During the Chronicle of Philanthropy’s online discussion on trends affecting philanthropy in 2010 I briefly noted an issue that I had identified in my work with several nonprofit clients, namely how to manage and interact with the multiple websites profiling their organizations. The growth of online donation portals has provided nonprofit organizations with additional means to augment their fundraising efforts. However, nonprofits remain challenged in tracking and controlling their information on these websites.
Many of the online donation portals collect information on nonprofits organizations through GuideStar and then provide profiles of these nonprofits in order to channel online donations. In some cases, though, nonprofits organizations may not even know that their profiles exist on those websites. And as such, those organizations are unable to both claim their accounts as well as control the data provided by the websites.
I researched several organizational profiles on Justgive.org, Change.org, FirstGiving, and Razoo. JustGive, Change.org, FirstGiving, and Razoo use information pulled from GuideStar. The specific organization I looked up was the Post Carbon Institute in Santa Rose, California (incorporated as Metafoundation).*
A quick search on JustGive for Post Carbon Institute brought up a short profile pulled from GuideStar. Clicking on an organization’s profile on JustGive opens up a new browser window with a very extensive GuideStar report on the organization. Interestingly, I was able to pull up this GuideStar report without having to register or login into the GuideStar website. In fact, the URL is for GuideStar, but is simply branded with the JustGive name. Buried in this organization profile window is a link for nonprofit staff to use to add to and update the profile information. Instead of controlling the profile on JustGive, however, it takes the user to the profile page on GuideStar. There does not seem to be a specific way for a Post Carbon Institute staff to manage and control the data on the JustGive website.
My second issue concerns JustGive’s privacy statement, which implies that the nonprofit organizations listed on the website endorse the statement (“JustGive and the nonprofit organizations listed on our site understand your concerns about privacy on the Internet and take them very seriously.”); I wonder how many organizations were actually approached about the policy.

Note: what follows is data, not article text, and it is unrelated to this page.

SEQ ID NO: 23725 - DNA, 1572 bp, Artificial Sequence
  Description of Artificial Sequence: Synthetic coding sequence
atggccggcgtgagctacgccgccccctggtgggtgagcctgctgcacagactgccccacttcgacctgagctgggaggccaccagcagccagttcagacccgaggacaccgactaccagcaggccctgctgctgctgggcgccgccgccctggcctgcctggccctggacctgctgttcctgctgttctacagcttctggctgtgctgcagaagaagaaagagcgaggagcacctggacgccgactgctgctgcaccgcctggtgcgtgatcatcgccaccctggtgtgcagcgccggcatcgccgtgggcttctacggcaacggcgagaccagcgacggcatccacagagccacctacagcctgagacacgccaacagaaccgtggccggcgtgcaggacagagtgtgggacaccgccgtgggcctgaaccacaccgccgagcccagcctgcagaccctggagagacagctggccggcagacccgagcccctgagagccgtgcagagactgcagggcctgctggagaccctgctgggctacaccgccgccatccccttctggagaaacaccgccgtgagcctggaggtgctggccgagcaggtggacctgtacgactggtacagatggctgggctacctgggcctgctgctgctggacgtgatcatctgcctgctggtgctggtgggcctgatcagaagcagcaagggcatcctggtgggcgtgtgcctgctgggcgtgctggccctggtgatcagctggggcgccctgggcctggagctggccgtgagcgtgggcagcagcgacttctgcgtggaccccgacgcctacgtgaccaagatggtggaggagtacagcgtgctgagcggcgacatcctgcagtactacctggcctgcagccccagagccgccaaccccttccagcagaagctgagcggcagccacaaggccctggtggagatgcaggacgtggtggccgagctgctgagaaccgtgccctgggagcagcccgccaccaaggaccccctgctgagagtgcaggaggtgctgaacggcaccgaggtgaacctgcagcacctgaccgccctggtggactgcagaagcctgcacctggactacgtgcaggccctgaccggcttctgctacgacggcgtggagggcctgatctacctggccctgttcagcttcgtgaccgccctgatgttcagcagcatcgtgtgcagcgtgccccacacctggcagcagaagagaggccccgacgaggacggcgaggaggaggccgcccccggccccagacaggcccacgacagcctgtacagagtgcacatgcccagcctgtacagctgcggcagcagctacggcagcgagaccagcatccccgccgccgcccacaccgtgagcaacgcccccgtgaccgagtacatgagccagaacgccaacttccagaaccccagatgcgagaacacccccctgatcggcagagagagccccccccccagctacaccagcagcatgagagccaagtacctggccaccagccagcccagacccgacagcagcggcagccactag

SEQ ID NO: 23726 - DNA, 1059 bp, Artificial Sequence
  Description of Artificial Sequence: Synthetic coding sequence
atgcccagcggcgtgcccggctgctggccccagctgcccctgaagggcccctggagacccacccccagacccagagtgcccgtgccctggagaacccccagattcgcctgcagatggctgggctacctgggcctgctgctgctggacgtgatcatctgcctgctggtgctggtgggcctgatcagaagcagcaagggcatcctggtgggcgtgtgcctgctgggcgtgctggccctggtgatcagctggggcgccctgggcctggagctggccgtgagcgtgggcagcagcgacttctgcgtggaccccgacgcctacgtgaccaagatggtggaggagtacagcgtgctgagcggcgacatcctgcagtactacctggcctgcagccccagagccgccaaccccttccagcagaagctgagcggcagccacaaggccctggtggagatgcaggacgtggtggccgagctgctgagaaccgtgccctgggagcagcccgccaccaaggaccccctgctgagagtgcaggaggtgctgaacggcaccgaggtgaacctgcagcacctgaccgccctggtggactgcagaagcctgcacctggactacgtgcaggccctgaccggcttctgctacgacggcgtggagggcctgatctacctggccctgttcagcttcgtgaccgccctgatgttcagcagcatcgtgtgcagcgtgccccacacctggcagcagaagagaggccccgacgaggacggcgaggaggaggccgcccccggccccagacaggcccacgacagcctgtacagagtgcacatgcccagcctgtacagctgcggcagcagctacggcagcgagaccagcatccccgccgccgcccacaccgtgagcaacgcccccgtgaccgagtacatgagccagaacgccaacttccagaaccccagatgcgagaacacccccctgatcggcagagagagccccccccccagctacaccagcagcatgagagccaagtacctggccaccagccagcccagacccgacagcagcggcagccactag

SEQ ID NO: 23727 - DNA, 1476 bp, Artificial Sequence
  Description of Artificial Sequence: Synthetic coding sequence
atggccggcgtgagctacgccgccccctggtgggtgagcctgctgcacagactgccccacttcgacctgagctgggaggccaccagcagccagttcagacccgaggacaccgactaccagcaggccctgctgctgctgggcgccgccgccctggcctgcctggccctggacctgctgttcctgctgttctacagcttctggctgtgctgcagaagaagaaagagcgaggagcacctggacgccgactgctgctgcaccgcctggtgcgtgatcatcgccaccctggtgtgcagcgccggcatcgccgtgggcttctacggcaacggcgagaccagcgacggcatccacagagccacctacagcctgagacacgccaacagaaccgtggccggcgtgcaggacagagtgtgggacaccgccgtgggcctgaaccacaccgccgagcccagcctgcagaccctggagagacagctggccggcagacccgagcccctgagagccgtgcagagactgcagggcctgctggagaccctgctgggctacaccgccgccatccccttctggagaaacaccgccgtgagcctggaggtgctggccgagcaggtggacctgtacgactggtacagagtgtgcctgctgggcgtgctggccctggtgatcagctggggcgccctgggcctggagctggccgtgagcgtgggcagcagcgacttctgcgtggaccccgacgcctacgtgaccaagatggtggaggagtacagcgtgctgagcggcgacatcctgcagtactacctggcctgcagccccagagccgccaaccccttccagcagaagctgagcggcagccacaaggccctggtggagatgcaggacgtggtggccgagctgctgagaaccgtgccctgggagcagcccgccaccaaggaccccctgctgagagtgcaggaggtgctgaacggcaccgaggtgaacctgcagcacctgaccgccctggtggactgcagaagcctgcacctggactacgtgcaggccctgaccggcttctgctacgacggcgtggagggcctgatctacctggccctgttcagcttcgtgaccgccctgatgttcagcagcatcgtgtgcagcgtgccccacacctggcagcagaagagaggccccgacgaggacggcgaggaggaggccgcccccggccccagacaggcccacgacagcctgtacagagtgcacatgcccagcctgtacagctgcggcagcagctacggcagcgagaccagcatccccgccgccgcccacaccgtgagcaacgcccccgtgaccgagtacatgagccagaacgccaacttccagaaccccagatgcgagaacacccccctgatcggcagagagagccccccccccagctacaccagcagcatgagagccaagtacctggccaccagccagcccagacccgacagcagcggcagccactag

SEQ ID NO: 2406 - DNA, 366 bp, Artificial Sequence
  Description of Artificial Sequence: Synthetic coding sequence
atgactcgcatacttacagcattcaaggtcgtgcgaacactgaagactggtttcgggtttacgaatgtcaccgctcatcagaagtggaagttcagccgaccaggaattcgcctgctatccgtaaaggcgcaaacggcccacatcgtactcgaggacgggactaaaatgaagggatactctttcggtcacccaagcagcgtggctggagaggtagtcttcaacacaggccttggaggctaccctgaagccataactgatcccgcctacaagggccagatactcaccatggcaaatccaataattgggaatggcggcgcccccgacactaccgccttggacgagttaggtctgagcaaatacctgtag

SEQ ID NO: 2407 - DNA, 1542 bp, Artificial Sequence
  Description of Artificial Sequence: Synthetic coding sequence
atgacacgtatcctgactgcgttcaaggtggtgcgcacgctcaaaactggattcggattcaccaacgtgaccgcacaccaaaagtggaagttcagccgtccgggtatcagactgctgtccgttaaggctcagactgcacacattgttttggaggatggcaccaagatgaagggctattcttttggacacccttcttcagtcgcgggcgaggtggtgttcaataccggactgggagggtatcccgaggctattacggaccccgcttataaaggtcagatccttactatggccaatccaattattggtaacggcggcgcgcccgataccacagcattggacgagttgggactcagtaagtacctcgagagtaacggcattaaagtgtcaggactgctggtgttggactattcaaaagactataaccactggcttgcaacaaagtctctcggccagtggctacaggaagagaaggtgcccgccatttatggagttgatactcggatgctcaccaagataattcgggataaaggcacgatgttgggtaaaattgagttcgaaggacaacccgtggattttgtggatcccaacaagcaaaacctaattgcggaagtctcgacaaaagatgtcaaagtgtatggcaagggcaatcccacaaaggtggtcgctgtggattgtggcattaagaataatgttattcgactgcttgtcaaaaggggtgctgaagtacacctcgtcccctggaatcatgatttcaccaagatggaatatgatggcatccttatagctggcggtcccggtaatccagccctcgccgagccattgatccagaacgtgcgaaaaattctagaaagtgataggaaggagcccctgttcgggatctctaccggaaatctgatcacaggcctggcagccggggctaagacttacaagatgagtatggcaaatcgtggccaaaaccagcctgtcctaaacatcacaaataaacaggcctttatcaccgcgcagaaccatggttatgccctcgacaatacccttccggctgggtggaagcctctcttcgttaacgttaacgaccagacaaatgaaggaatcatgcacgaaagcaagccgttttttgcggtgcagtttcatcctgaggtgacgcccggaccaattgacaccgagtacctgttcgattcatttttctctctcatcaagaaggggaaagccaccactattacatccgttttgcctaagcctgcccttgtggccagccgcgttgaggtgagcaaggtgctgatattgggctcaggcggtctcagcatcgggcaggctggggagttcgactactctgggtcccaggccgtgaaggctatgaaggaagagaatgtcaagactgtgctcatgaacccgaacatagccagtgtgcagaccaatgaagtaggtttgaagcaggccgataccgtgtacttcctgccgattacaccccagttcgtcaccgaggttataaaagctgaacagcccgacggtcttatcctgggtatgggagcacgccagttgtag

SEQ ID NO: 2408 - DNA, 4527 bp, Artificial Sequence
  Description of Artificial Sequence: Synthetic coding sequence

Like the other websites, FirstGiving pulls information from GuideStar. However, I could not locate a statement that the website has a licensing agreement with GuideStar (which may be a violation of GuideStar’s prohibition again the resale of the information or use for commercial gain but is an issue for another day) nor any easy way for a nonprofit to modify the profile information. After digging around the site, I finally found a way (http://www.firstgiving.com/statements/npo/tour1.asp) to claim a nonprofit profile. The security provisions, however, appear very lackluster.
Unlike the other services I researched, both Change.org and Razoo clearly state that they have partnership agreements with GuideStar to provide nonprofit profile information. Change.org also clearly indicates that in order to update the profile information, a nonprofit will need to register for a free administrator account. Through the Admin account, the nonprofit can “set up and edit their organization’s profile information, track donations, post fundraising projects and events, and directly communicate with [its] network of supporters on Change.org.” However, Change.org does not clearly indicate how it ensures that a person will not fraudulently sign up for a nonprofit’s Admin account. Razoo also clearly indicates how a nonprofit may go about to claim its online profile. In contrast with Change.org, its security provisions appear to be a bit more robust. The process to claim the account requires a nonprofit to first submit an Admin Access Request Form. Once approved, Razoo emails the nonprofit an invitation email with an activation link.
Both Change.org and Razzo also have online communities of donors built around specific nonprofit profiles. What’s not clear though is how many nonprofits actually know that these communities exist. The lack of community activities, for instance, could actually a nonprofit visibility online (e.g., finding a nonprofit profile with no followers or donors is a bit of a deterrent for submitting a donation).
Researching these four services reaffirmed my general concerns and questions:
- How does a nonprofit (especially midsized and smaller organizations) identify and monitor all the online donation websites that have a profile of the organization?
- How does a nonprofit monitor and engage with the associated communities on online donation websites?
- How does the organization rightfully claim its profile on the online donation websites and manage the data?
- How will the online donation websites ensure that someone does not maliciously take control of the account by fraudulently gaining access to the nonprofit organization’s profile?
One last point: in my research I came across a tremendous variation in the fee structure for processing online donations. Razoo actually covers the transaction costs assess by Network for Good for processing donations. In other instances, the donor may see as much as 7.5% of the donation disappear through service fees.
* Disclaimer: My brother serves as the Executive Director of Post Carbon Institute. I do not have any formal business relationship with the organization.
Tags: Philanthropy, Online Donations, Nonprofit